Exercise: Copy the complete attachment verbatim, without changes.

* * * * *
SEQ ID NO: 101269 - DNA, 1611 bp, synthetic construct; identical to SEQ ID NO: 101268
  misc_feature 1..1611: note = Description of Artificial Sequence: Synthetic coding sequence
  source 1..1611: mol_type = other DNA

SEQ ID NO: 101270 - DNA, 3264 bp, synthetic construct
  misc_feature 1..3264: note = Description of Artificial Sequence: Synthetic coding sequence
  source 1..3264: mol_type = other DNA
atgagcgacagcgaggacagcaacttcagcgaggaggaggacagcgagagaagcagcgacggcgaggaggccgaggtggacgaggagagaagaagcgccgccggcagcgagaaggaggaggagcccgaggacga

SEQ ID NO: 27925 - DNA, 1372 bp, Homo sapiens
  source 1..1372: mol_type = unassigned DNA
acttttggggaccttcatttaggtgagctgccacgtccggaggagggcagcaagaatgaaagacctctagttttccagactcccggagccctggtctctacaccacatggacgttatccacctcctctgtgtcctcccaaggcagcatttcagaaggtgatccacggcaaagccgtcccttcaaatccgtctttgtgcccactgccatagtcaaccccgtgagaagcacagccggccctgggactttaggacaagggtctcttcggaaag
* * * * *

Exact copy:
SEQ ID NO: 101269 - DNA, 1611 bp, synthetic construct; identical to SEQ ID NO: 101268
  misc_feature 1..1611: note = Description of Artificial Sequence: Synthetic coding sequence
  source 1..1611: mol_type = other DNA

SEQ ID NO: 101270 - DNA, 3264 bp, synthetic construct
  misc_feature 1..3264: note = Description of Artificial Sequence: Synthetic coding sequence
  source 1..3264: mol_type = other DNA
atgagcgacagcgaggacagcaacttcagcgaggaggaggacagcgagagaagcagcgacggcgaggaggccgaggtggacgaggagagaagaagcgccgccggcagcgagaaggaggaggagcccgaggacga

SEQ ID NO: 27925 - DNA, 1372 bp, Homo sapiens
  source 1..1372: mol_type = unassigned DNA
acttttggggaccttcatttaggtgagctgccacgtccggaggagggcagcaagaatgaaagacctctagttttccagactcccggagccctggtctctacaccacatggacgttatccacctcctctgtgtcctcccaaggcagcatttcagaaggtgatccacggcaaagccgtcccttcaaatccgtctttgtgcccactgccatagtcaaccccgtgagaagcacagccggccctgggactttaggacaagggtctcttcggaaag